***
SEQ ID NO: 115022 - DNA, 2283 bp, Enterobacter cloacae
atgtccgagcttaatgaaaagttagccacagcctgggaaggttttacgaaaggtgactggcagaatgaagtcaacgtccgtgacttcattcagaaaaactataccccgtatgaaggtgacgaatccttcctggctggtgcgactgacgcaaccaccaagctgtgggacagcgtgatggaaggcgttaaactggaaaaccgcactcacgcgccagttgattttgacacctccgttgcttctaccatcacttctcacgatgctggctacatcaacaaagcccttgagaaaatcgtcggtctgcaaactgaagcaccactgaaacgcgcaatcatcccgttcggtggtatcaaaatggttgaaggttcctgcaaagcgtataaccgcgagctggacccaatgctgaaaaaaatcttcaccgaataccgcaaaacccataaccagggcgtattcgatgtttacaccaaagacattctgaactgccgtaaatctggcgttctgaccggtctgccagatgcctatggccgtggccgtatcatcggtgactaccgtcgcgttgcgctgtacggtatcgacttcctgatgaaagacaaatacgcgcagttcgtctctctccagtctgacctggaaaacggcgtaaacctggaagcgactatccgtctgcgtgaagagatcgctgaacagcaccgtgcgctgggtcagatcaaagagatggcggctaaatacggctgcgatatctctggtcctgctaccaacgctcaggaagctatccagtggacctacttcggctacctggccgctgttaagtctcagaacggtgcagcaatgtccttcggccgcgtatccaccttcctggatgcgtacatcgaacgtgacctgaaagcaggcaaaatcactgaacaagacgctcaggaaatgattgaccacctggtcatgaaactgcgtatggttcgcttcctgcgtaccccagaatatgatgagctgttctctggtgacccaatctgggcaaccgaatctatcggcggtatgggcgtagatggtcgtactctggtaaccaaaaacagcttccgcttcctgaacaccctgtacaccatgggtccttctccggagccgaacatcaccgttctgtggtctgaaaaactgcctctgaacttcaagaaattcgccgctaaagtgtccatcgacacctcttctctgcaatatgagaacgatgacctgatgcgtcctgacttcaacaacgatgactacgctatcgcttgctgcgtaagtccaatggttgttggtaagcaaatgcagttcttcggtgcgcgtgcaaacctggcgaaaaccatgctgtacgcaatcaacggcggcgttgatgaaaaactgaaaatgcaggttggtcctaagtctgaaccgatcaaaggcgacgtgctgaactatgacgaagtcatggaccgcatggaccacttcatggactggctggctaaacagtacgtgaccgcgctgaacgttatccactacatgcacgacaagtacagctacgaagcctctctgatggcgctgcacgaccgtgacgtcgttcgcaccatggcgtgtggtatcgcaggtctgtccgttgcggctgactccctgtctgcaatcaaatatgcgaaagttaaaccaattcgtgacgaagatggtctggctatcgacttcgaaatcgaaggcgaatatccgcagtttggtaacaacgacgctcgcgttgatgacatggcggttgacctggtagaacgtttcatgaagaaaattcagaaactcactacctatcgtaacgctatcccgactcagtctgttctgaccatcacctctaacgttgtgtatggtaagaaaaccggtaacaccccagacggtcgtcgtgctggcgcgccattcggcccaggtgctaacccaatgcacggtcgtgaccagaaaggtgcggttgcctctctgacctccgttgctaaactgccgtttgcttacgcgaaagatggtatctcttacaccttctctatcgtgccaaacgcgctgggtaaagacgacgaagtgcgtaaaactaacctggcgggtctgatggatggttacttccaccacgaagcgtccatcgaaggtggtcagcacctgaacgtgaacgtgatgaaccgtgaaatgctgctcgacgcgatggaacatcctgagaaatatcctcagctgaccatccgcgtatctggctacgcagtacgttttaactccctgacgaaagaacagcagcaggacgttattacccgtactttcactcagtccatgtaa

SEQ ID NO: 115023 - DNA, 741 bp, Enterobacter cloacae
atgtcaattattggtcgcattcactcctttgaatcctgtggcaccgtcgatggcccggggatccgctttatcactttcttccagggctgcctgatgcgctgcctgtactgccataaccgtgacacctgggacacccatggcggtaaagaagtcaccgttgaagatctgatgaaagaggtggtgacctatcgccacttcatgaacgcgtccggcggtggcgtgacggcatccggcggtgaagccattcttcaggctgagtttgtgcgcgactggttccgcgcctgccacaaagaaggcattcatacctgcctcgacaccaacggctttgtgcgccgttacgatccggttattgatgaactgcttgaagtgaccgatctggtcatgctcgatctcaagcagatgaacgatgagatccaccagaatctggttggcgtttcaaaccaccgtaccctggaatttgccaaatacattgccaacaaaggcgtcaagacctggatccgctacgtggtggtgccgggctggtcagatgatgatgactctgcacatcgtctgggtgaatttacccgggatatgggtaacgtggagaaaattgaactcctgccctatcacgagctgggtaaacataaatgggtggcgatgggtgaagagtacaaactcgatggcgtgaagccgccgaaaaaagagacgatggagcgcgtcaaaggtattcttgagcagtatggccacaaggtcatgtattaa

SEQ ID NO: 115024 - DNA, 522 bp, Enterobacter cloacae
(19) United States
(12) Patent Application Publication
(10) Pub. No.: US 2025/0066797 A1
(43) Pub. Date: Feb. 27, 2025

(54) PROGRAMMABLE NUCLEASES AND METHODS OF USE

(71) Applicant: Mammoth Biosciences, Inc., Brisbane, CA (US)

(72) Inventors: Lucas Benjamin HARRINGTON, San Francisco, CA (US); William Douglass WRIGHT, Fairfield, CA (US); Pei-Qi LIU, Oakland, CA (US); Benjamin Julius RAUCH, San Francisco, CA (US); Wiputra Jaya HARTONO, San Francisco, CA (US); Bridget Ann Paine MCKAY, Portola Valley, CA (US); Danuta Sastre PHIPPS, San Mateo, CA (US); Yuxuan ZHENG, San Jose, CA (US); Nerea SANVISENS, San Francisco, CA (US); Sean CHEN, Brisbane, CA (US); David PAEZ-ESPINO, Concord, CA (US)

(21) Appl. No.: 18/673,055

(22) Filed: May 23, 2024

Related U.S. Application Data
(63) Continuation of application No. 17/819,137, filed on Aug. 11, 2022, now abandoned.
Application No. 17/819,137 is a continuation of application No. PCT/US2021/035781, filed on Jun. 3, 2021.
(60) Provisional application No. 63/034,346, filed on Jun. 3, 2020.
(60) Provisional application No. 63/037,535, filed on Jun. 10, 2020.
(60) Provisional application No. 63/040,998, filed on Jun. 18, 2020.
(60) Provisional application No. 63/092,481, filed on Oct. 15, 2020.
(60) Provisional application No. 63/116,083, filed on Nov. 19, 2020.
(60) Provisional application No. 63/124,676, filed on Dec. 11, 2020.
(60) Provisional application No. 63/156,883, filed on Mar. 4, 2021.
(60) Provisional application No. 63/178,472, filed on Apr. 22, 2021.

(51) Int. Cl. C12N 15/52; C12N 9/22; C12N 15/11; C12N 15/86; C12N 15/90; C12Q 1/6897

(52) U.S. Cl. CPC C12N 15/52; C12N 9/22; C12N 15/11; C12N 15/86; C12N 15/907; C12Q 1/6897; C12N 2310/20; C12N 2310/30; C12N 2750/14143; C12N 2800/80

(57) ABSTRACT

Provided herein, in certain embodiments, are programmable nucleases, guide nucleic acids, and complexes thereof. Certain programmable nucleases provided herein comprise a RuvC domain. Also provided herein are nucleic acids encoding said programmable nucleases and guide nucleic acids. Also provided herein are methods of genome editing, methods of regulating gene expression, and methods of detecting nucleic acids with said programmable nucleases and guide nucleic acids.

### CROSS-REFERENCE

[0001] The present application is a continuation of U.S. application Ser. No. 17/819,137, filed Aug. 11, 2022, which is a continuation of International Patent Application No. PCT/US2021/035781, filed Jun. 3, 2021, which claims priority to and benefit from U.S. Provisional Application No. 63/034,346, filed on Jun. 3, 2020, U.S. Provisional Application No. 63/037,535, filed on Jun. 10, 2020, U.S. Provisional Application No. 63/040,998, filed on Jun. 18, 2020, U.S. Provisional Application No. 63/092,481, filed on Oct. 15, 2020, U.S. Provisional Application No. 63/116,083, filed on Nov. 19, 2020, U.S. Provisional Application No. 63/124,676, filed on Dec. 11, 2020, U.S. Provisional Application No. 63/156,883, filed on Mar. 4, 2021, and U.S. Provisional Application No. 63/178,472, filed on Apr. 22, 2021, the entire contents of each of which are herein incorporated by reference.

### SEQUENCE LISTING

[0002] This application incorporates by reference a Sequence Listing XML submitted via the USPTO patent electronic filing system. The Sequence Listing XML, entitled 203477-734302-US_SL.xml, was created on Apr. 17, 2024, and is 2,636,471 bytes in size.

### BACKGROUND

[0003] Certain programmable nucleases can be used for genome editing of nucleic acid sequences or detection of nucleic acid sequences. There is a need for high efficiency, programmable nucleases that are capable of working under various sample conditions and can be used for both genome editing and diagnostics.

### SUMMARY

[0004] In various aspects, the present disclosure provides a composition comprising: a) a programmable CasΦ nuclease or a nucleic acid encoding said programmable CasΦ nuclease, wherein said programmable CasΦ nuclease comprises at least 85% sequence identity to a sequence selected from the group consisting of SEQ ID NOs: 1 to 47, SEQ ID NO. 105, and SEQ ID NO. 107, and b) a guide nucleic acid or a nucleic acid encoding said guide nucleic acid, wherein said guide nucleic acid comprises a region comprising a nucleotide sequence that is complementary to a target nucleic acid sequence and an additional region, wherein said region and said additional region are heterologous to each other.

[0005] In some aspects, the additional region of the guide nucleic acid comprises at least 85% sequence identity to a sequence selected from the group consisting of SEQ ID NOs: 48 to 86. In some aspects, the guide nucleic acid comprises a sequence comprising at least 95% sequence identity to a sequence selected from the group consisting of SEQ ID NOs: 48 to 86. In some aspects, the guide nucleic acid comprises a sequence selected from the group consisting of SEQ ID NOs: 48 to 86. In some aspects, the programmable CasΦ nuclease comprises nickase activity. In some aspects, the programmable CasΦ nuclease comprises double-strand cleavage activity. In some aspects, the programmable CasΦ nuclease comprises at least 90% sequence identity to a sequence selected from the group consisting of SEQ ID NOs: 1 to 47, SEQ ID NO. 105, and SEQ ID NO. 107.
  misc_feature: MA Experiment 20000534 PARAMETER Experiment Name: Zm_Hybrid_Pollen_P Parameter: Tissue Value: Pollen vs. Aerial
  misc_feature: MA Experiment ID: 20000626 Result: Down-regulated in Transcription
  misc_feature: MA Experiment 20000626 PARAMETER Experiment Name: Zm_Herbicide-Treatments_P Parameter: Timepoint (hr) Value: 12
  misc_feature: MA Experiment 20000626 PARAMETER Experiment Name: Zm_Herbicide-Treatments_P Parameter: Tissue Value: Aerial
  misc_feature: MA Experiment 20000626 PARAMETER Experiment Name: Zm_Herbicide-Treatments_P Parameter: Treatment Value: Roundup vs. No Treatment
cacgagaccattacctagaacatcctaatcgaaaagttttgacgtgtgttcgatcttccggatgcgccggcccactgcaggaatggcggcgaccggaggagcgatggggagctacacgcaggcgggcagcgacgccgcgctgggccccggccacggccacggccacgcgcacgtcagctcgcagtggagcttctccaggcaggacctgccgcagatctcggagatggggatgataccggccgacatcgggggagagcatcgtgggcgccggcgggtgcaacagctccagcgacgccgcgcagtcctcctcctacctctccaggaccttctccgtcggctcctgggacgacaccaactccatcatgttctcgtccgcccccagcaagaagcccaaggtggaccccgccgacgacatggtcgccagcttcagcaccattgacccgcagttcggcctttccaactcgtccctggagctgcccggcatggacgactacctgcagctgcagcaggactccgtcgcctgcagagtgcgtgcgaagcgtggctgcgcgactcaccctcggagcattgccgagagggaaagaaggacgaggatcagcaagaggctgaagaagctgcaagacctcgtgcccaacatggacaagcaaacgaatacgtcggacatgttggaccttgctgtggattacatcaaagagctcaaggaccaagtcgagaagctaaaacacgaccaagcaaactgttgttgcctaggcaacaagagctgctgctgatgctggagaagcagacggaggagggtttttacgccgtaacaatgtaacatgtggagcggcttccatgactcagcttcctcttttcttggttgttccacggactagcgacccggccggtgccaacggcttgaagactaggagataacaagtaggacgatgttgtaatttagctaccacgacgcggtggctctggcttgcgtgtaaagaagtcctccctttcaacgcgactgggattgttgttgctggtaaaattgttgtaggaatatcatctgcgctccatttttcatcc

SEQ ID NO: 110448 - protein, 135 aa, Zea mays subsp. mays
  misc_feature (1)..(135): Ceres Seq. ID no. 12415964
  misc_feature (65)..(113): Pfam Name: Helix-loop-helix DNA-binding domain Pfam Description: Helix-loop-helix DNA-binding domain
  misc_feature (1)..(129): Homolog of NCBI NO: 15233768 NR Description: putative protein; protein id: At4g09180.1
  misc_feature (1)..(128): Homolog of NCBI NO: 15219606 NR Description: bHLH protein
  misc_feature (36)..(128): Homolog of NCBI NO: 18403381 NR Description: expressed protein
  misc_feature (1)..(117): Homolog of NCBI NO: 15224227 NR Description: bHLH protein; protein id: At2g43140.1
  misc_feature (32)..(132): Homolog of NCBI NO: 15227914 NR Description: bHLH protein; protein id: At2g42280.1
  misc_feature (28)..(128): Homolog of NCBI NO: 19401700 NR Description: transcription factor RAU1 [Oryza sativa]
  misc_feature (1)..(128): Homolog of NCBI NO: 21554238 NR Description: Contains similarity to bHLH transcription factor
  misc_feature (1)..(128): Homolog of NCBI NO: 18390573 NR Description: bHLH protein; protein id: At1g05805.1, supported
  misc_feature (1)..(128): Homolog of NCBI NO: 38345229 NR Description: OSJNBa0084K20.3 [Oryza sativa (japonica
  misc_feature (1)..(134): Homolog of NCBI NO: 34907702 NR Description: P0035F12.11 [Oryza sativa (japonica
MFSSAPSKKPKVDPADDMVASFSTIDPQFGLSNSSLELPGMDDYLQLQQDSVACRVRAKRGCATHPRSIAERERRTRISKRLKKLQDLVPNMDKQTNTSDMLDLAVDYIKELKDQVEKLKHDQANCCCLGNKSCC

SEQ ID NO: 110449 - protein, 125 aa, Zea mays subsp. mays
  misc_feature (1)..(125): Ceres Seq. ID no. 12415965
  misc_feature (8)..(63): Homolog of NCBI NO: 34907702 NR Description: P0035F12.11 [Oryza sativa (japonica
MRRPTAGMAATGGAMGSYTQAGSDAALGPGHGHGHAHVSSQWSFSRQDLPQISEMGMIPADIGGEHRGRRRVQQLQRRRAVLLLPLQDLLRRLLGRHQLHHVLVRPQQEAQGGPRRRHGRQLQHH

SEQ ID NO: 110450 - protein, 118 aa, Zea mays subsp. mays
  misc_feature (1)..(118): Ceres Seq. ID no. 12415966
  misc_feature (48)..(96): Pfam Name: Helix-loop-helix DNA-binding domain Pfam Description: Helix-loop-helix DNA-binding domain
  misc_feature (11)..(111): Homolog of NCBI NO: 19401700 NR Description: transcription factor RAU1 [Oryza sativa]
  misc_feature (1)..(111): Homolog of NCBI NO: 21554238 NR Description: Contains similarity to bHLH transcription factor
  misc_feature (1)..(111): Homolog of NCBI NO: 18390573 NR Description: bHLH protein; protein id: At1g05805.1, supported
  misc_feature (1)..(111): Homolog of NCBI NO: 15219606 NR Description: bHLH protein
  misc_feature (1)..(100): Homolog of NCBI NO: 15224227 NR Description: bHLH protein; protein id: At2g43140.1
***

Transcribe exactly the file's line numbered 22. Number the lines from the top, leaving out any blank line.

(60) Provisional application No. 63/116,083, filed on Nov. 19, 2020.